In 1974, the Institute of International Studies arose out of a need not only to train people as missionaries but also to provide an intensive foundation on what is happening in the world and what needs to happen. Now called the "Perspectives on the World Christian Movement", or "Perspectives" for short. With over 100,000 alumni in North America alone, the course covers information crucial to any person interested in God's global purposes and has said to be a life changing experience for many who have taken it.

Building on these ministries, the Winters founded the U.S. Center for World Mission in 1976 in a few rented offices on the 17-acre campus of Pasadena Nazarene College. Their purpose was to pull people together to concentrate on the plight of the Unreached People.

The U.S. Center went on to purchase the campus which was up for sale at that time. The money came in miraculous ways, primarily through small gifts of individual Christians around the country, and through the tireless efforts of televangilist Dr. William Davis who not only promoted the project on national television, but also traveled across the country to meet personally with wealthy Christian donors. The final payment for the campus was made in 1988.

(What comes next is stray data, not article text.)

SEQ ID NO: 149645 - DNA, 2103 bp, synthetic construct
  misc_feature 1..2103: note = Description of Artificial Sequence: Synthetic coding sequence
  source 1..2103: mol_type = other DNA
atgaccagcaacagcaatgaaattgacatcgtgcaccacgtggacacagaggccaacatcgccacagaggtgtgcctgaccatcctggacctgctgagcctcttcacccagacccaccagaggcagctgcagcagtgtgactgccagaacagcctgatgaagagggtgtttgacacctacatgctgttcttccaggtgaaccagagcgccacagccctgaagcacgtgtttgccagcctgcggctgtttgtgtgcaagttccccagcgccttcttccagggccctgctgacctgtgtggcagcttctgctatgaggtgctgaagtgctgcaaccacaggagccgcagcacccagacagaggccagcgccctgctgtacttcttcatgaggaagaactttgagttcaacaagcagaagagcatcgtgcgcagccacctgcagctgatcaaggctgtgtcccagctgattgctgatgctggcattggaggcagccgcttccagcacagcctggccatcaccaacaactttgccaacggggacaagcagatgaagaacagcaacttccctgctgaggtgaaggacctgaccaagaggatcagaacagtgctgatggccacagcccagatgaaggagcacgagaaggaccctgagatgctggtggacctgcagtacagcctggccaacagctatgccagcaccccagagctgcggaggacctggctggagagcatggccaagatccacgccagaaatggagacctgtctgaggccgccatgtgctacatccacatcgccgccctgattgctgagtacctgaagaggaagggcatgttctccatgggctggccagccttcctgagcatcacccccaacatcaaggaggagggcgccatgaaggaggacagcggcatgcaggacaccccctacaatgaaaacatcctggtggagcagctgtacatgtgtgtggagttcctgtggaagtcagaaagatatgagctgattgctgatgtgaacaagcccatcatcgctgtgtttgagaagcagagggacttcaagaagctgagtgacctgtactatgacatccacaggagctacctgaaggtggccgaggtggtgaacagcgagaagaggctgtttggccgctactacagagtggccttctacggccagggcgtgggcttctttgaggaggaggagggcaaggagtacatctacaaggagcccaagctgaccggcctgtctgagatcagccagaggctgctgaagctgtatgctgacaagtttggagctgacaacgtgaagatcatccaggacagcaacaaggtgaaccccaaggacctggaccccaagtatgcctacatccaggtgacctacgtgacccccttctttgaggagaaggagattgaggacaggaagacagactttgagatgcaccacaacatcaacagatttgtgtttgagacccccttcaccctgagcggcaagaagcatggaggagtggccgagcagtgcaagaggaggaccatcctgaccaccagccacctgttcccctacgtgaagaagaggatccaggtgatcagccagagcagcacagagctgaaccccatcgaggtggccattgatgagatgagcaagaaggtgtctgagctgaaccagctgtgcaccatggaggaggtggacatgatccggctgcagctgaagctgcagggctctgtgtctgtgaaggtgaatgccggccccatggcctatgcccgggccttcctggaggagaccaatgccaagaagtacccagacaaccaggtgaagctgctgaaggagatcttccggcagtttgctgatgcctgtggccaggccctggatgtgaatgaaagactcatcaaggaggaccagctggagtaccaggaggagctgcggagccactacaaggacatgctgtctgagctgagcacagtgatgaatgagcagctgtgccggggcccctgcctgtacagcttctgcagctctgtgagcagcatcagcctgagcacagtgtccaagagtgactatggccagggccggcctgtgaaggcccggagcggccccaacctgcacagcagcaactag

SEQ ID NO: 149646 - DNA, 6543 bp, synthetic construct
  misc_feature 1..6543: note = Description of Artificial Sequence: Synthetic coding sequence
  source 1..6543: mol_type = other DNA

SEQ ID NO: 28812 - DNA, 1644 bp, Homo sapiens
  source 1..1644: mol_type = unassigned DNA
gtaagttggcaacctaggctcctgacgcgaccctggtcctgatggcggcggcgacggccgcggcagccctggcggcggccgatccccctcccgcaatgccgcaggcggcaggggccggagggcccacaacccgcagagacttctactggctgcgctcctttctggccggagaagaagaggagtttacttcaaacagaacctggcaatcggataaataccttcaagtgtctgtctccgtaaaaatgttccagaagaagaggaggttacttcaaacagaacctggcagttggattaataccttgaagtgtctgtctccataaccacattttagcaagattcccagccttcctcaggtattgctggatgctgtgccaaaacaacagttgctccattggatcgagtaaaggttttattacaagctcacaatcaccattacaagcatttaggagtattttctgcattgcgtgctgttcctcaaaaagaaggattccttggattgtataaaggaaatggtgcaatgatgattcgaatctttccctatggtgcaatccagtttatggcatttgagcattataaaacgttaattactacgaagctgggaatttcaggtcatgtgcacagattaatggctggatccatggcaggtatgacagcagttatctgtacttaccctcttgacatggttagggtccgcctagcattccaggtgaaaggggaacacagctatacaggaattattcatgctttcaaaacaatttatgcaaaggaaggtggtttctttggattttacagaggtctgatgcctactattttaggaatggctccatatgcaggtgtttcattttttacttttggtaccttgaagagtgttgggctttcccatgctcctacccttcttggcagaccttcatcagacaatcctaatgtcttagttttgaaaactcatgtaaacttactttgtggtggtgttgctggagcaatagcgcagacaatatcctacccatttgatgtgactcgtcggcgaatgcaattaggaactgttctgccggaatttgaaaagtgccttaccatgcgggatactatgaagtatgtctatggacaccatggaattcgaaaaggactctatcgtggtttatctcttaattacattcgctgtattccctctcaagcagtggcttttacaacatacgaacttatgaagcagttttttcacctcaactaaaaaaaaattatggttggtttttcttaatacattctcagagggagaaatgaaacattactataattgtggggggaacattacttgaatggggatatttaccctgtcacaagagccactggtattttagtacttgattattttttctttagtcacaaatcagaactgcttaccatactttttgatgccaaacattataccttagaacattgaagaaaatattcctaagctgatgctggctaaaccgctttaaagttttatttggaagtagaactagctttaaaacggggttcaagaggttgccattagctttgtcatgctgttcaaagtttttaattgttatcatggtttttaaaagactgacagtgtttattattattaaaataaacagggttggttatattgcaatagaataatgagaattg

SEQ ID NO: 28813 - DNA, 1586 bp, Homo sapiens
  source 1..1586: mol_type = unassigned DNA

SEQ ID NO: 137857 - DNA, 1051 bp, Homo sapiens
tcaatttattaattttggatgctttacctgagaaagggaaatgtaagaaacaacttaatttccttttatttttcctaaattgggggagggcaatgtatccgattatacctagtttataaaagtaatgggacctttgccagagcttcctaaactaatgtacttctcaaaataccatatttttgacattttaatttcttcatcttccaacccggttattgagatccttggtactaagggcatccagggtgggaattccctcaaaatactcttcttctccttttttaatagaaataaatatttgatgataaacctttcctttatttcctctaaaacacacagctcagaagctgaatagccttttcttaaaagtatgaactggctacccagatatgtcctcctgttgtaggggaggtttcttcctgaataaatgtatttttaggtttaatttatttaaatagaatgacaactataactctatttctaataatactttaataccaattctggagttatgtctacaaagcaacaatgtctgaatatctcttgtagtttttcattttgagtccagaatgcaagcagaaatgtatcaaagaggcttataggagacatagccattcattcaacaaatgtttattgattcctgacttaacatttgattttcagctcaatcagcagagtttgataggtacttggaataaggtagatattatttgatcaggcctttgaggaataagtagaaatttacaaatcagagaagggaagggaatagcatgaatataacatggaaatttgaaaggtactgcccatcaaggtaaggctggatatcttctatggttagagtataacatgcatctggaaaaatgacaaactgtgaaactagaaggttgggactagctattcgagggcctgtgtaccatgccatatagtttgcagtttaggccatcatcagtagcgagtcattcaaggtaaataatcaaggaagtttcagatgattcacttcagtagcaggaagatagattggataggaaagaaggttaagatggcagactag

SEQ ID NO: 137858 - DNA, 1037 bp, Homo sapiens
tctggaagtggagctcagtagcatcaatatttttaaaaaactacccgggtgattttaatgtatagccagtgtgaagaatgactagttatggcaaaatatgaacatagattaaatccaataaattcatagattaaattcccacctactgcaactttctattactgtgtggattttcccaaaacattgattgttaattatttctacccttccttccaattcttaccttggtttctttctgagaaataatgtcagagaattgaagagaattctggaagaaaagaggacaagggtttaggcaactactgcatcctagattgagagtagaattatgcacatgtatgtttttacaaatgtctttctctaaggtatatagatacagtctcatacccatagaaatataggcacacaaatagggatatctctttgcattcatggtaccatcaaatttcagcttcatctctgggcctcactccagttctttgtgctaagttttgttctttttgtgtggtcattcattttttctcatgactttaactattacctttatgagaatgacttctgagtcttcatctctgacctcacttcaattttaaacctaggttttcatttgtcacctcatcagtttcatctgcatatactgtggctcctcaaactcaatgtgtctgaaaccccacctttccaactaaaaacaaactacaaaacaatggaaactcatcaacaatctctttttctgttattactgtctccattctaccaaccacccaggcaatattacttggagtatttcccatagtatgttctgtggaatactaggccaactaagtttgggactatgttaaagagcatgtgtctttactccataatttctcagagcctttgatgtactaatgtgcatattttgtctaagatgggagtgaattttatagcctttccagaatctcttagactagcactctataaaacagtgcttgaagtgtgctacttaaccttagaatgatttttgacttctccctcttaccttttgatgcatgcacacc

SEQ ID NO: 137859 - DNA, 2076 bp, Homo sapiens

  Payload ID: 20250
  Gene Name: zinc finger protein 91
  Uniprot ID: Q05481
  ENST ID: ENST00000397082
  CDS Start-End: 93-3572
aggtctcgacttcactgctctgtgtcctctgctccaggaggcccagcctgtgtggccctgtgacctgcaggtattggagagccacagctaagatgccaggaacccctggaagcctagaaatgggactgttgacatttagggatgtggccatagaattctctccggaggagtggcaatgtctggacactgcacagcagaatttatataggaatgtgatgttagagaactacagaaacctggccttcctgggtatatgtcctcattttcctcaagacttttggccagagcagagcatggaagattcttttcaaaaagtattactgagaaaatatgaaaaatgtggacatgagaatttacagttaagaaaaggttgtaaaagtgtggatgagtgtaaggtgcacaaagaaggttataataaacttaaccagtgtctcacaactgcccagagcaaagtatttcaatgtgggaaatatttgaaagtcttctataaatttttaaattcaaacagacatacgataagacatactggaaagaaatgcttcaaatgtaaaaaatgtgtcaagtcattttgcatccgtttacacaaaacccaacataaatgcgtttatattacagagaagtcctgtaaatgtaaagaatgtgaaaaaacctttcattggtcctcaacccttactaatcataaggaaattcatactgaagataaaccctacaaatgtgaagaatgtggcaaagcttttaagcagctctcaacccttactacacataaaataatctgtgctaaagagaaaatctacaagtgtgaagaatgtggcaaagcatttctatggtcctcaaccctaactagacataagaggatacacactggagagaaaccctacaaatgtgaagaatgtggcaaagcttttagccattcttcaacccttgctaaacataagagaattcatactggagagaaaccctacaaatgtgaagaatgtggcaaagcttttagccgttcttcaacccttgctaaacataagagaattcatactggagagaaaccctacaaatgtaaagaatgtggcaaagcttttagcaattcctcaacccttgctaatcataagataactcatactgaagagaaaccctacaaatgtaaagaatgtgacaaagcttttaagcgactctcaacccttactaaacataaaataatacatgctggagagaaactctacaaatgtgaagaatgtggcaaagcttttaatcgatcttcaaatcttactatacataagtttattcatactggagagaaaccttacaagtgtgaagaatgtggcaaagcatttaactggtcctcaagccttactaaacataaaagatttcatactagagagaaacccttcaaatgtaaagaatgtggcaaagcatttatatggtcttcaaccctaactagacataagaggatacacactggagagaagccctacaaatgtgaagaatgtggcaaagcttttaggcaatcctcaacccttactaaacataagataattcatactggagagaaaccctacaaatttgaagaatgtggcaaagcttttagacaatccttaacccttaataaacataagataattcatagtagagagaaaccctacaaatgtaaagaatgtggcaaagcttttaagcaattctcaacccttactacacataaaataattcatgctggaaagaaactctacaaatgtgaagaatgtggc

The efforts to establish the U.S. Center have also led to the development of a wide-ranging movement to the frontiers of mission that now involves thousands of people and hundreds of missions organizations. The Center seeks to serve this growing movement with resources, information, and strategic insights that can help the movement grow and effectively reach all the unreached peoples.[3] In 2015, the US Center was renamed the Venture Center.[4]